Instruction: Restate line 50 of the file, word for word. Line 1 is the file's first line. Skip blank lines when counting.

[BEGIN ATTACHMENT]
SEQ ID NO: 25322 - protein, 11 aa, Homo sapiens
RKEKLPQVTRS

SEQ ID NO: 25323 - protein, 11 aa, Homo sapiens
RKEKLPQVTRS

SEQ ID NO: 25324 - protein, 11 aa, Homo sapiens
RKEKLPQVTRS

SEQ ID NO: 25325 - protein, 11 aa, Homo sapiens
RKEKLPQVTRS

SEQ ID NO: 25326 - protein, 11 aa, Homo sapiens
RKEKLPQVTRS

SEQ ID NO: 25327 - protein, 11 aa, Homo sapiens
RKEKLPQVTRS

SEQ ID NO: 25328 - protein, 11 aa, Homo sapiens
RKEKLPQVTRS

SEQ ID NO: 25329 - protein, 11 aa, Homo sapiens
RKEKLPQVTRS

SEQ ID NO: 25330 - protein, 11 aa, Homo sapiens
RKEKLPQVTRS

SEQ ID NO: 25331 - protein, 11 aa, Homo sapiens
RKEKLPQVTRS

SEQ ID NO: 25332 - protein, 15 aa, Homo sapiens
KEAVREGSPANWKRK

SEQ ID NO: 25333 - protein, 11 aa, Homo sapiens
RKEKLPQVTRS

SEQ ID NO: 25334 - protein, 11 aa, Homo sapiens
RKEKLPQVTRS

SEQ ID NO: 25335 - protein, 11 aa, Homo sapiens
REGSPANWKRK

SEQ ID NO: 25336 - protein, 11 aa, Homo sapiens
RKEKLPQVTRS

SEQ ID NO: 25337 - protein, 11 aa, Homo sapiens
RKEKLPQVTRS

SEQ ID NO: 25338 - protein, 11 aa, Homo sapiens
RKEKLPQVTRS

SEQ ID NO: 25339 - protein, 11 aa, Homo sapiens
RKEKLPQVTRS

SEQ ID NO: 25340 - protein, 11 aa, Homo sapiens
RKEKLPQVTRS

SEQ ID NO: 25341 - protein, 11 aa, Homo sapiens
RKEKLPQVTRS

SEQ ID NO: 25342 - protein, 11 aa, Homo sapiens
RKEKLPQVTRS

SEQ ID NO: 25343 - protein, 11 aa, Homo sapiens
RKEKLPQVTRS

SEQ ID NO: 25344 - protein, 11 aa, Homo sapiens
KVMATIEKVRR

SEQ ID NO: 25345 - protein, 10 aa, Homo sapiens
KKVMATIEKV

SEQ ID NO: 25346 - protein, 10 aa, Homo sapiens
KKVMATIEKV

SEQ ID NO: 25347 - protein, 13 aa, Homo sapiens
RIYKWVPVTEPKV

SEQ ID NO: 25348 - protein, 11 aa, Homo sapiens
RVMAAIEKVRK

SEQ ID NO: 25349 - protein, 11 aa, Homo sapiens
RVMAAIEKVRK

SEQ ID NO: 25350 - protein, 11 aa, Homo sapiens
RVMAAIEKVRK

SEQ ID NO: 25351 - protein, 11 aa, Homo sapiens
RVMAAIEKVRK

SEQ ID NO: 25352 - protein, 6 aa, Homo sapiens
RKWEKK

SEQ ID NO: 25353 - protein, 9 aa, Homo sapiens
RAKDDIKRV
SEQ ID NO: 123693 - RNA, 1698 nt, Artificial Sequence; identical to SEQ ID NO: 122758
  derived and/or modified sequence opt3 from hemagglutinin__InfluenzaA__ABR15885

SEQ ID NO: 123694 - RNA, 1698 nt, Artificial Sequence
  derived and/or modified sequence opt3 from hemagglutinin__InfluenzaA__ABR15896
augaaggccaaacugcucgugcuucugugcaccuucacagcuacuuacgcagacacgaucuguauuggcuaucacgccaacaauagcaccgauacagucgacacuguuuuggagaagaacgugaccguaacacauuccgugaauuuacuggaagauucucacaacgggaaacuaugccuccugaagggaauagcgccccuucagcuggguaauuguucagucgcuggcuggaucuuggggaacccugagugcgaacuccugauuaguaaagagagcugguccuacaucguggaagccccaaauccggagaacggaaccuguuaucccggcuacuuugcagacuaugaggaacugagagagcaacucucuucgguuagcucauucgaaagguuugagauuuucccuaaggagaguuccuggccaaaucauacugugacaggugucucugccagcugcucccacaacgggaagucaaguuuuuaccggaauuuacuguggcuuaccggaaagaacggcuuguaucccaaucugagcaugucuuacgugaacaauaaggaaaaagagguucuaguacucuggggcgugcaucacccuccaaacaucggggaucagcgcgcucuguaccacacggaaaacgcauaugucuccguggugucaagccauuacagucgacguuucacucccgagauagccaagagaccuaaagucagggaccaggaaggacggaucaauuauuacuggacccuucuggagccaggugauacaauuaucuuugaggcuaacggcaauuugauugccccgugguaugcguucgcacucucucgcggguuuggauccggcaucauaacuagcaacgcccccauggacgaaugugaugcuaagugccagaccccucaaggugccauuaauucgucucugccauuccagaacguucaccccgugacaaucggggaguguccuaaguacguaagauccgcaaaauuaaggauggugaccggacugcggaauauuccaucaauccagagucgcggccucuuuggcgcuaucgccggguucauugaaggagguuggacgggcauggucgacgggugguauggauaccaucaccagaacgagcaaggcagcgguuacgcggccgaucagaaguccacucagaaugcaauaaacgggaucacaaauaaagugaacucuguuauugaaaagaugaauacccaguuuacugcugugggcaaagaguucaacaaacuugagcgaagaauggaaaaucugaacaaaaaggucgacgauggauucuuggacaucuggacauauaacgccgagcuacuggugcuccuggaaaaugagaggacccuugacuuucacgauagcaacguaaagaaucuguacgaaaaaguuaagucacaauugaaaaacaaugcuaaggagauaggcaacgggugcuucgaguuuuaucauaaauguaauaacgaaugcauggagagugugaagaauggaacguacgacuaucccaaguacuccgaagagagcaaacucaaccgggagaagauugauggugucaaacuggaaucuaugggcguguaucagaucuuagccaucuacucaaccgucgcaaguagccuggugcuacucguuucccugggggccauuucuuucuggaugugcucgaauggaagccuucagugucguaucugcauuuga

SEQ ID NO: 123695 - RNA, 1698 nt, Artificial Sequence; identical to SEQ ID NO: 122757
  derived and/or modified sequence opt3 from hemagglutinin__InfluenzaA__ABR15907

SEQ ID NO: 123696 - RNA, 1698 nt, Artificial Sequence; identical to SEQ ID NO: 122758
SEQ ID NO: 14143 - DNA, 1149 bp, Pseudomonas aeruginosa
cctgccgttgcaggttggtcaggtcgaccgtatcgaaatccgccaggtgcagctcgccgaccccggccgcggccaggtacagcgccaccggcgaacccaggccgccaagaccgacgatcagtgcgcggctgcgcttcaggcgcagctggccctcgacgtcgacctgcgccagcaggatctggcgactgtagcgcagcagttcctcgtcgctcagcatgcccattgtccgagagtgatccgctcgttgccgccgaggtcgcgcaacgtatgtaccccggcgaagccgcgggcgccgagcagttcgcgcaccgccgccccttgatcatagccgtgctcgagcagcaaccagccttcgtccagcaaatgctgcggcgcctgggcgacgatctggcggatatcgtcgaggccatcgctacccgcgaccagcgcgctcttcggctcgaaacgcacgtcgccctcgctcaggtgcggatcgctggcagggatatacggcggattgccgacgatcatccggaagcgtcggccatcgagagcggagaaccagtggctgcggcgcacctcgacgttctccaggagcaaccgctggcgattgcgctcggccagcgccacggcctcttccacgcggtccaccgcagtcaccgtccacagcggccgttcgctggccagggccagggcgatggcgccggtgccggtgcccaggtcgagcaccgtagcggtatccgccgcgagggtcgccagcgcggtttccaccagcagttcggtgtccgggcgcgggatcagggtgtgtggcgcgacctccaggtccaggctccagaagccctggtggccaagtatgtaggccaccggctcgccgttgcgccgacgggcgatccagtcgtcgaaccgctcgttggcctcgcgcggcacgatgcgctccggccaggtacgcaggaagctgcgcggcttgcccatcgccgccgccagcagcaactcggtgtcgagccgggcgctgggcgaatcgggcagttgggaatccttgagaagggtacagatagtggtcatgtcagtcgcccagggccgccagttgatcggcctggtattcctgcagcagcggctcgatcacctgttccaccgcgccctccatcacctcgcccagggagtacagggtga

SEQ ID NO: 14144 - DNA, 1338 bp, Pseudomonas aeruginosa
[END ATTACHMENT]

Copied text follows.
KKVMATIEKV